To do the devil press, you pretty much combine a chest-to-floor burpee with a dual dumbbell snatch, but it’s more technical than meets the eye. Get it right, and you’ll torch muscle groups across your entire body and build a stronger core.
This high-intensity, full-body exercise is done using a set of the best adjustable dumbbells or kettlebells, or you could adopt the single-arm variation using one weight if you prefer to alternate. The devil press can typically be found in functional training and CrossFit workouts, not only to ramp up your heart rate and test your endurance but building strength as well.
How did it get its name? Because it’s hellish, of course. Read on for how to do the devil press with proper form, the benefits of building full-body strength, two variations to try, and common mistakes we see.
Devil press: Benefits
The strength and conditioning move is classified as a compound exercise, targeting your back, chest, arms, shoulders, core, glutes and leg muscles using a burpee and dumbbell snatch combo, even adopting the snappy hip motion used in kettlebell swings to engage the hips, core muscles and glutes.
Adding the move to your workouts will improve cardiovascular fitness, endurance, explosive power and full-body muscular strength, but you’ll need to master it properly first. Find out what happened when I did 50 devil press every day for a week.
How to do the devil press
Start with two light dumbbells and progress as you develop strength and endurance.
- Stand with both dumbbells just in front of your feet, shoulder-width apart, in a neutral grip
- Engage your core, grip both dumbbells and jump back into a high plank
- Lower to the ground between the dumbbells just like a burpee, with your chest and hips aligned
- Press back up, then jump both feet just behind and wide of the dumbbells
- Lift your chest, pull both shoulders down and keep a flat back
- Hinge forward at your hips, send your bum behind you and swing both dumbbells through your legs like a kettlebell swing
- Snap your hips forward, extend your legs and send the dumbbells upward while bending both elbows toward you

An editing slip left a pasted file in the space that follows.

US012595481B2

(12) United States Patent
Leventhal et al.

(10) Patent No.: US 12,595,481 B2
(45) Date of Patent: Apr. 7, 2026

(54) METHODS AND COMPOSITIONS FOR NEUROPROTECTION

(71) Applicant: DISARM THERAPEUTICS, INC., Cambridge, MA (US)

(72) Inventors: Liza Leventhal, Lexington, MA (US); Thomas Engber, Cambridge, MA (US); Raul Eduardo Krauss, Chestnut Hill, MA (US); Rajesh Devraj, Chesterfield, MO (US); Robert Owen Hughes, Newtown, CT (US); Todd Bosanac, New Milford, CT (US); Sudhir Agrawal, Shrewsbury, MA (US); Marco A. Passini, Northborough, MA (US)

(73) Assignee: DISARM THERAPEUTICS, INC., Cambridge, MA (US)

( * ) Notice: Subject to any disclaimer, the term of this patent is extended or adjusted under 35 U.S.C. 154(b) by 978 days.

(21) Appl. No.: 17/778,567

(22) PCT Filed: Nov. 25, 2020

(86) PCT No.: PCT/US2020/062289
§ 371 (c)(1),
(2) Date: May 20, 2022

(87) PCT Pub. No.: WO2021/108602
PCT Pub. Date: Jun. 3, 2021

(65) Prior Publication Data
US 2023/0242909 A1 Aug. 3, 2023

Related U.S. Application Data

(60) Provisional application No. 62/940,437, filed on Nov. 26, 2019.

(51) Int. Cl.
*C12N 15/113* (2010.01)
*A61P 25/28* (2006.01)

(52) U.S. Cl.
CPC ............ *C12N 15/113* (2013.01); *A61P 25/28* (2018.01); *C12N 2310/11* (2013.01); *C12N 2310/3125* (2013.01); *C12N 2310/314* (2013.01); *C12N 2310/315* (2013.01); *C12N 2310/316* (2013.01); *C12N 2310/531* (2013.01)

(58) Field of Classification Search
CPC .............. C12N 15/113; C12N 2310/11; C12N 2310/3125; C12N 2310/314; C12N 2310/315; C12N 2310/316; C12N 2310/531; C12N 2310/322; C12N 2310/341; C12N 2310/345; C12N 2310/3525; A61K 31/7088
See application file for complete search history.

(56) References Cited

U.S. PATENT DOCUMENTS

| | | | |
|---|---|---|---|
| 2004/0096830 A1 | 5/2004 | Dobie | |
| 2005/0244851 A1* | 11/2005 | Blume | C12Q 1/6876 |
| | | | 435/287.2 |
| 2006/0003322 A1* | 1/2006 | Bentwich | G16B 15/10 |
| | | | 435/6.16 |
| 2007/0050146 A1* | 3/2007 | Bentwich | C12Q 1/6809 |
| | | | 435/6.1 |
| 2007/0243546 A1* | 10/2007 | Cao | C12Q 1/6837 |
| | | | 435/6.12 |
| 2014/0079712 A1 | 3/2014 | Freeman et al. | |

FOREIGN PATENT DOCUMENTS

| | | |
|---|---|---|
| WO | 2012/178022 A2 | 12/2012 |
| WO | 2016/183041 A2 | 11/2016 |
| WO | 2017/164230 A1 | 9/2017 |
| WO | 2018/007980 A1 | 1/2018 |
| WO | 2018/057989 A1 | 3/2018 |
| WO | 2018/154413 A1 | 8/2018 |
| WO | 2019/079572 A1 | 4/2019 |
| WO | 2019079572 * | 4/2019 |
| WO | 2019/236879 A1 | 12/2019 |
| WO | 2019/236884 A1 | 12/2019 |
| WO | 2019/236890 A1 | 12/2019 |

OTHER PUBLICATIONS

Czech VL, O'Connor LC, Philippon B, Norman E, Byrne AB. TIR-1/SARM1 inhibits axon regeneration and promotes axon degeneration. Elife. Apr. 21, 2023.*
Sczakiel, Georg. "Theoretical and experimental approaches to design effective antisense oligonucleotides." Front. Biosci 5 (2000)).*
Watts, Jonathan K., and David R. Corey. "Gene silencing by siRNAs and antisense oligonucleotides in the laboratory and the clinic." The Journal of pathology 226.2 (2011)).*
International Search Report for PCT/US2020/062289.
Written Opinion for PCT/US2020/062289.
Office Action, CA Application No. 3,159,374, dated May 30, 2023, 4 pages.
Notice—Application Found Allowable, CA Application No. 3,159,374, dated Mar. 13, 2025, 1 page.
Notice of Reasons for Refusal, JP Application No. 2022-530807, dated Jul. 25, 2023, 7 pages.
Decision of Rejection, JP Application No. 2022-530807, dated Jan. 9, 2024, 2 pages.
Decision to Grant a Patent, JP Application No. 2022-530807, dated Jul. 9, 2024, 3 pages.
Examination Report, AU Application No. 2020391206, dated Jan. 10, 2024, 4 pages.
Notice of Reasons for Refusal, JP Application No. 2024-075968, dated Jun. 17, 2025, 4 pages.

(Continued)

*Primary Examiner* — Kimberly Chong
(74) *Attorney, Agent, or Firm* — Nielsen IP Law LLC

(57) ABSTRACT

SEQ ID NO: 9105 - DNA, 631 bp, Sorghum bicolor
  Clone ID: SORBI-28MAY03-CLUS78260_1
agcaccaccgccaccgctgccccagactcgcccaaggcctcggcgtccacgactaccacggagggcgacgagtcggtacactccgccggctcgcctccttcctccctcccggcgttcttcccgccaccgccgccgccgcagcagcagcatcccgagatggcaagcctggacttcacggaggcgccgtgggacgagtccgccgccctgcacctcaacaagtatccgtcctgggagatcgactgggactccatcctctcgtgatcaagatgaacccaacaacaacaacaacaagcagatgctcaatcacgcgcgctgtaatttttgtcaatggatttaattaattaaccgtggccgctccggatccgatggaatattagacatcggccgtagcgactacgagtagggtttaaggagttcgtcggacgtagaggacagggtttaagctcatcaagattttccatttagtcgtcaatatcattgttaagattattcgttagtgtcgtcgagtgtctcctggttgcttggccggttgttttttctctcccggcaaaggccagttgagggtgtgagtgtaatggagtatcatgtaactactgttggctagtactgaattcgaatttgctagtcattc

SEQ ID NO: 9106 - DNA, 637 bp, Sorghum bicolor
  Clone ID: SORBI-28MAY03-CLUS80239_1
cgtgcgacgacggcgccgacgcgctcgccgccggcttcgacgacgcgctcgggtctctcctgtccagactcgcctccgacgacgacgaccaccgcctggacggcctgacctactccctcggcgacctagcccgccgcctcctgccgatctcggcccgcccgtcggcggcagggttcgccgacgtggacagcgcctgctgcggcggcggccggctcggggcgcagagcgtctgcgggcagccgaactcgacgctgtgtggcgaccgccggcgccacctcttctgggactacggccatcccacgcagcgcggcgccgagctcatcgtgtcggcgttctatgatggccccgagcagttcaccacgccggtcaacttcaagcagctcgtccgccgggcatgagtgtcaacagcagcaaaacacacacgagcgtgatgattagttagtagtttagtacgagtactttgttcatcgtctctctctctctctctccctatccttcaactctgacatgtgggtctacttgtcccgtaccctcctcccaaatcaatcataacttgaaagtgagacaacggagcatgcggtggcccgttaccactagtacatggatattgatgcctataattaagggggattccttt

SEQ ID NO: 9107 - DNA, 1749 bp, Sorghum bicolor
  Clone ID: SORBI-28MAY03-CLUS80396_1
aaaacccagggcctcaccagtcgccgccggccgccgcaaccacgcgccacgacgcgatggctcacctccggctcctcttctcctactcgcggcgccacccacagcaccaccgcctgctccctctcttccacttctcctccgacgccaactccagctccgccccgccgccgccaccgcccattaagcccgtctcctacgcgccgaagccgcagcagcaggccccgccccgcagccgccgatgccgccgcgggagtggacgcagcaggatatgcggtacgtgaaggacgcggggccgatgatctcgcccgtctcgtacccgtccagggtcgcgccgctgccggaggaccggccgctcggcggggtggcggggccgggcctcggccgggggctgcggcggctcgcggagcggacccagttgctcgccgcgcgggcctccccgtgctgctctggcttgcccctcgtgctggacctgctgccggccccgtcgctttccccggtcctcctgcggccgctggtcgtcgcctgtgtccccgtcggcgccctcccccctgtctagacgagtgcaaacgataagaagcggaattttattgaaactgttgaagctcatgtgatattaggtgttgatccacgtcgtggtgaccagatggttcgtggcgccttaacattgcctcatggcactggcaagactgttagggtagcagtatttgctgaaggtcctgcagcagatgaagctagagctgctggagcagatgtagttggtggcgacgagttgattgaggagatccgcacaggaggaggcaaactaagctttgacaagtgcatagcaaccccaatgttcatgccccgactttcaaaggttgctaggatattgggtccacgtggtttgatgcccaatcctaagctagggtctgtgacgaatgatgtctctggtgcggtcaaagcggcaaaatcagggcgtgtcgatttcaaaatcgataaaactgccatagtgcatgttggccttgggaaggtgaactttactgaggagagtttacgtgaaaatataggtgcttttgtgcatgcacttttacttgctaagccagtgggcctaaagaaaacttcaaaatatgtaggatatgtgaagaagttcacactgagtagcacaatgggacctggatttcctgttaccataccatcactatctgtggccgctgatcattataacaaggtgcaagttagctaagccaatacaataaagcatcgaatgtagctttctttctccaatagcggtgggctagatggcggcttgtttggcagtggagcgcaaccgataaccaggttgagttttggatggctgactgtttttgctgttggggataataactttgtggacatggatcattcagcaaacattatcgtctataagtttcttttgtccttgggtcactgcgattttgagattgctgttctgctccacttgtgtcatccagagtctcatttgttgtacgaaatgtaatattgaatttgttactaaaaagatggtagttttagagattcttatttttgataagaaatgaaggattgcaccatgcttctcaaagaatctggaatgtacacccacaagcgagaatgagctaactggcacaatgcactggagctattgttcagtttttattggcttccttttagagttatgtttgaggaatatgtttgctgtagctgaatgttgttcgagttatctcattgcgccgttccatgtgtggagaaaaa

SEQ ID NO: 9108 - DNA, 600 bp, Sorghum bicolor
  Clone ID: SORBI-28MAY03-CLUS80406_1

- Push the dumbbells overhead and lock both arms straight at the top
- Reverse these steps back down to swing the dumbbells through your legs, then replace them into their starting position on the ground.
Try to bring the weights down from overhead to between your legs in a fluid motion, but you could bring them back to your shoulders first — if you prefer.
Devil press: Common mistakes
The move should strengthen various muscle groups, but a few simple mistakes could lead to lower back pain and injury. Here are a few we see.
Lack of hip drive
The devil press uses the explosive hip drive, engaging your glutes and core muscles as you thrust the weights above your head. Drive movement from your core and glutes without sending all the weight into your arms. If you struggle to generate power from the hips and glutes, try a lighter set of weights and practice the movement pattern in the mirror.
Adopting an overhead press
The devil press should flow smoothly rather than as two separate moves. As you drive the weight from between your legs to above your head, avoid racking the weight onto your shoulders and pressing upwards or losing momentum.
Focus on the posterior chain muscles as you bring the weights between your legs. That means keeping a soft knee bend and not allowing the dumbbells to travel below your knees. This way, your lower back, glutes and hamstrings should be engaged rather than dumping into your back and overloading the spine.
Always remember the golden rule — compound contraction. Contract muscles simultaneously using the three Bs: back, belly and bum.
Devil press: Variations
Here are two variations to get you started.
Single-arm devil press
To do a single-arm devil press, use one weight and alternate each rep. Unilateral training is brilliant for ironing out muscular imbalances and weaknesses that could be responsible for your dominant side picking up slack.
Devil clean and jerk
To do a devil press clean and jerk, perform the move as you would with a regular devil press, but as you swing the dumbbells through your legs, bring them onto your shoulders first, landing with a soft bend in the knees.
From here, perform a push press or jerk and finish standing with the weights overhead and legs straight. You can find the push press and other overhead press variations here. But remember, this is a variation on the devil press, and you should otherwise aim to drive the weight up from between the legs.